by Adam Baines
Well it’s Sunday, again. John McKellar and I are racing, again. It’s Pimbo, again and the sun is shining, again!
Casting back to the Thursday before this race I didn’t think I’d make it to the start line after an ill judged training ride left me over dehydrated and in hospital on a saline drip. School boy error. Keep drinking water in this weather folks, especially if you’re doing 120miles with over 10’000ft of climbing!
Anyway what doesn’t kill you makes you stronger, so today after a few days recovery I was feeling good and wanted to take advantage of the continued good weather by riding out to today’s Race HQ at the Rainford Scout Hut. After a pleasant ride out I met up with John, pinned my numbers on and rolled out to the circuit. The tactics were going to be the same as last week; sit in and wait for 5 laps to go. If John gets in a break, block any attempts to chase.
The race got underway and to begin with it was a stark contrast to last week. Last week it kicked off straight away and we had a very fast first 5 laps. This week, the peleton were in danger of falling asleep in the first 3 laps. As I was feeling good, I was getting bored already, so with absolutely no intention of it ever achieving anything, I attacked.
This had the necessary effect and woke everyone up and they decided to chase me down. The counter attacks followed and finally the racing had started. I positioned myself a lot closer to the front this week and it felt much better being here than at the back like last week. A few breaks of ones or twos went and came back before a promising looking break of 3 went up the road containing our John! I immediately moved up to second wheel ready to follow any chases.
Over the next 5 laps I became the most hated rider in the peleton and sat on any attempts to bring the break back while John’s move got established. In a mischievous way, I really enjoyed causing trouble and it was rewarding to see John gradually moving up the road. Once they were pretty much out of sight and there wasn’t many riders left to annoy, I took up position a little further back to recover.
It seemed like John had got into the winning move and the next few laps were pretty uneventful. Croston had one strong looking guy who got on the front a few times and put in some big pulls which seemed to eat into the breaks lead. A 1 min gap dropped to 40 seconds and then down to 20 seconds. This seemed to reinvigorate the chase and John’s move was doomed.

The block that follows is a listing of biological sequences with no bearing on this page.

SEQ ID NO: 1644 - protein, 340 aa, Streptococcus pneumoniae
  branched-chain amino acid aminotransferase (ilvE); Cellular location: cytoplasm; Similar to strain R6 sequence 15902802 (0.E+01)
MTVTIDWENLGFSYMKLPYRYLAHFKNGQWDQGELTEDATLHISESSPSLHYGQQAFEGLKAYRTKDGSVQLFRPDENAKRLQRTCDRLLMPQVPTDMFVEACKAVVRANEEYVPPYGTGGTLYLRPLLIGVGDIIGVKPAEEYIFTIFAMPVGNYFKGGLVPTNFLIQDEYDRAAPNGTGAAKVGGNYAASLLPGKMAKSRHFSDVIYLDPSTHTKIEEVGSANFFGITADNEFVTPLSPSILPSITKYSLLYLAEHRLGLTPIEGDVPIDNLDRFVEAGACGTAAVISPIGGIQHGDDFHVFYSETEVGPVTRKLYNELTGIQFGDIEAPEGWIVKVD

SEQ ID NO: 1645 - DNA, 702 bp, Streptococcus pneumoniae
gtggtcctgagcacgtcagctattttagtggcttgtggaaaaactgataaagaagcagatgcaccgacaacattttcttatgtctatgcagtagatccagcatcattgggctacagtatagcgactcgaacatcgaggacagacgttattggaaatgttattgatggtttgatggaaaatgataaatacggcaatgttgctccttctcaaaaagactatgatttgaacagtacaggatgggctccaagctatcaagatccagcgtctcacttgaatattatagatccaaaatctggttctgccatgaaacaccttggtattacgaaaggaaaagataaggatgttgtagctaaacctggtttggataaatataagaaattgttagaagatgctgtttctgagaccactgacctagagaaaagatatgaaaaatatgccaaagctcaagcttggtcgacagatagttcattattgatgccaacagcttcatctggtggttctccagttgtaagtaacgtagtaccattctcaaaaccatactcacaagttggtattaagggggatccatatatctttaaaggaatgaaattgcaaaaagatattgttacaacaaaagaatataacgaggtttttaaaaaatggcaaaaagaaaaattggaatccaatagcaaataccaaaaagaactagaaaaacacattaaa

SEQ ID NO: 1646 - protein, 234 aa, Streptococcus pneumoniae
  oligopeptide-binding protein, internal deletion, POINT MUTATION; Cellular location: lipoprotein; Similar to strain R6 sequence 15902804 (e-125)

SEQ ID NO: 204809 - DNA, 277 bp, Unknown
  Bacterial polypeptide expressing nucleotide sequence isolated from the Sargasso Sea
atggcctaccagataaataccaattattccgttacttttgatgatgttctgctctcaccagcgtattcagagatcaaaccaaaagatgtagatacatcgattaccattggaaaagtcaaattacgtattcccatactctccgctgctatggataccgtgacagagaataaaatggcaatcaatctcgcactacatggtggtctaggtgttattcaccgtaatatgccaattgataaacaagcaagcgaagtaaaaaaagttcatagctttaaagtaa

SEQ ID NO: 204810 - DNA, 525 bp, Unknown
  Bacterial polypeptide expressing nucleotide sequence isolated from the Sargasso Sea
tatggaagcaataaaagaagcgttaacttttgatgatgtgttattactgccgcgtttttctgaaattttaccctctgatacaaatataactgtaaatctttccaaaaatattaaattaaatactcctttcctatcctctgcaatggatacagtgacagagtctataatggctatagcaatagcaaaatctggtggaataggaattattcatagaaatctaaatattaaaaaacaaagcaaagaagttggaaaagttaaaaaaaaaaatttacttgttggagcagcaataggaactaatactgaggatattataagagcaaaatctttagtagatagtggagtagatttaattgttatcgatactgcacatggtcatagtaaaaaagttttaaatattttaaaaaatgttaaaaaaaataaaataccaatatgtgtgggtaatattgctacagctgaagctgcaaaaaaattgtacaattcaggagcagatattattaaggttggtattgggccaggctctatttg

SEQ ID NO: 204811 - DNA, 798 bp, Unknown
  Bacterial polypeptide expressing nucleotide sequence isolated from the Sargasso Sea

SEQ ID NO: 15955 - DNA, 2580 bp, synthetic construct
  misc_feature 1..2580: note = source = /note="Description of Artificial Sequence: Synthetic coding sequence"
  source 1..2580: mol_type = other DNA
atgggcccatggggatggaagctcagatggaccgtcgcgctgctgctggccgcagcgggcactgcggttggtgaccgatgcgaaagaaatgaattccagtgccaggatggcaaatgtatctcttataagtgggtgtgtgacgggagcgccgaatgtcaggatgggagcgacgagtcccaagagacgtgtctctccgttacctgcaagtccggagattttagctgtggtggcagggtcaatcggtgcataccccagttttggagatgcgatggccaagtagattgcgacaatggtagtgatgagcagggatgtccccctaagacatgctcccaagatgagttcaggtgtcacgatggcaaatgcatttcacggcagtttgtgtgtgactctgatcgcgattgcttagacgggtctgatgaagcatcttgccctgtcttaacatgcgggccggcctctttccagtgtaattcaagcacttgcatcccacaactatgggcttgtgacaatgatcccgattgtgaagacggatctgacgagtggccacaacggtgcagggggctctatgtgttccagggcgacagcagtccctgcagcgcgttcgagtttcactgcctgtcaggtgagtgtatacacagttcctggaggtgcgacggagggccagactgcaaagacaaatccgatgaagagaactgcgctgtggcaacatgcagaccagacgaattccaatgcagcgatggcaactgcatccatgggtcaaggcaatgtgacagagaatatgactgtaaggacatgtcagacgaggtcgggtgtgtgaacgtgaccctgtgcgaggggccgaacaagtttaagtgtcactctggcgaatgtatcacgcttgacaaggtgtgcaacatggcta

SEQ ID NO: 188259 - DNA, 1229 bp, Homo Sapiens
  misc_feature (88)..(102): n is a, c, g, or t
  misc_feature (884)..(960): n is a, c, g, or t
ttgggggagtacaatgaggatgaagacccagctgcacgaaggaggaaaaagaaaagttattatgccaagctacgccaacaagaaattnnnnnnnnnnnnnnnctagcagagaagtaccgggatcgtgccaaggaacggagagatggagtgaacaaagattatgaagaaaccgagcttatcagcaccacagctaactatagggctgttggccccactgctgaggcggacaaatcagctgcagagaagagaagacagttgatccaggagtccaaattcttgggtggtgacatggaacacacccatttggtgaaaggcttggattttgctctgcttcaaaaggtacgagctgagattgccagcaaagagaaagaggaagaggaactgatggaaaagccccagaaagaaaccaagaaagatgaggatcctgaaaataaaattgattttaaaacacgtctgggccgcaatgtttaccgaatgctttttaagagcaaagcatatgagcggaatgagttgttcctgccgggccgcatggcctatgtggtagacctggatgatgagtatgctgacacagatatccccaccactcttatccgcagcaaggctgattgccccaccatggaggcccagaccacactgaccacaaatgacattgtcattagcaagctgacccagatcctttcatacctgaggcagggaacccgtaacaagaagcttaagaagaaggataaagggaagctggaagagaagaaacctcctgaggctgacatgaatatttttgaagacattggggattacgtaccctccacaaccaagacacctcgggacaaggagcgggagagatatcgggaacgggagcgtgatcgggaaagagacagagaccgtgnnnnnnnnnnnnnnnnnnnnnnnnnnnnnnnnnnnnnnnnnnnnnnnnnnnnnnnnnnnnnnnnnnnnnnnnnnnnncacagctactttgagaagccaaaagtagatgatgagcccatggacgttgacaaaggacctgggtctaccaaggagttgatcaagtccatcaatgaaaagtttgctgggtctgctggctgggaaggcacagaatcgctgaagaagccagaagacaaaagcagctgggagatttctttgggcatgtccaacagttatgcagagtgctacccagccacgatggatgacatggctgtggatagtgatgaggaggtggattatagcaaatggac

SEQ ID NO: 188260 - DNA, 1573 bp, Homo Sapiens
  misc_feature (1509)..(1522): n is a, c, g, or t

They were caught with around 10 laps to go and I knew that if a counter went now with the right lads in it, it could be the move! But it didn’t come. The pace had really dropped off and with 5 laps to go I just attacked. I have no idea where it came from? It was almost a subconscious effort that got me a small gap over the bunch. Once I realised they were still looking at each other I buried myself to increase the gap enough to be out of mind. After a lap the moto Commissaire told me I had 12 seconds and I was still feeling good. But with 4 laps to go I knew it wouldn’t be enough so I had to go harder. I was committed now and if the peleton decided to sit up and wait for the sprint, I would be in a very good chance of taking the win.
However, there were still too many strong legs left behind who weren’t ready to let the win slip away. Chris Spencer from Omnipex bioracer and a Croston rider (sorry don’t know which one!) had attacked the bunch and got a small gap to bridge across to me but in doing so had drastically reduced my advantage. I looked back and decided it would be a waste of energy to keep pushing so I sat up for the bridging group. We pressed on for only a few hundred metres before we got caught with only 2 laps to go. Straight away Chris Quinn and Tom Warren from Croston countered. After my solo efforts there was no way I could follow. I had no idea at this stage how much I would have left for the sprint but I was determined to get something from today so I dug deep to stay near the front and in contention for a minor placing. On the bell lap John came up to the front ready to lead me out. It was a hairy few miles as elbows and shoulders bounced of each other fighting for position. John did a great job keeping the pace high right up until the kick. I’d managed to stay in a good position and held my sprint back after the lessons of last week. But this time, those that went early actually managed to hold on and I couldn’t get past enough of them in time. I held on to my position and came over the line in 8th position, which I’m really pleased with considering I’d just done 3 laps solo and I was nearly 90miles into my
ride by the time the sprint came. It might have been on Pimbo again , but it’s racing and all the complexities, tactics and of course luck make it so much fun.
Congratulations to Tom Warren from Croston velo for taking the home win. A big thank you to Dan Styler from Croston for organising the race and to all the volunteers and marshals who gave up their time to make the racing possible. Thanks to the BC Commissaires and the NEG riders for making the event as safe as ever.
Thanks to Ellen Isherwood for the photos (the only person who can make an industrial estate look interesting!
And finally thank you to all our sponsors for their continued support:
Chronomaster Ltd, Specialized, Leisure Lakes Bikes, OTE sports, Pearson Ferrier Estate Agents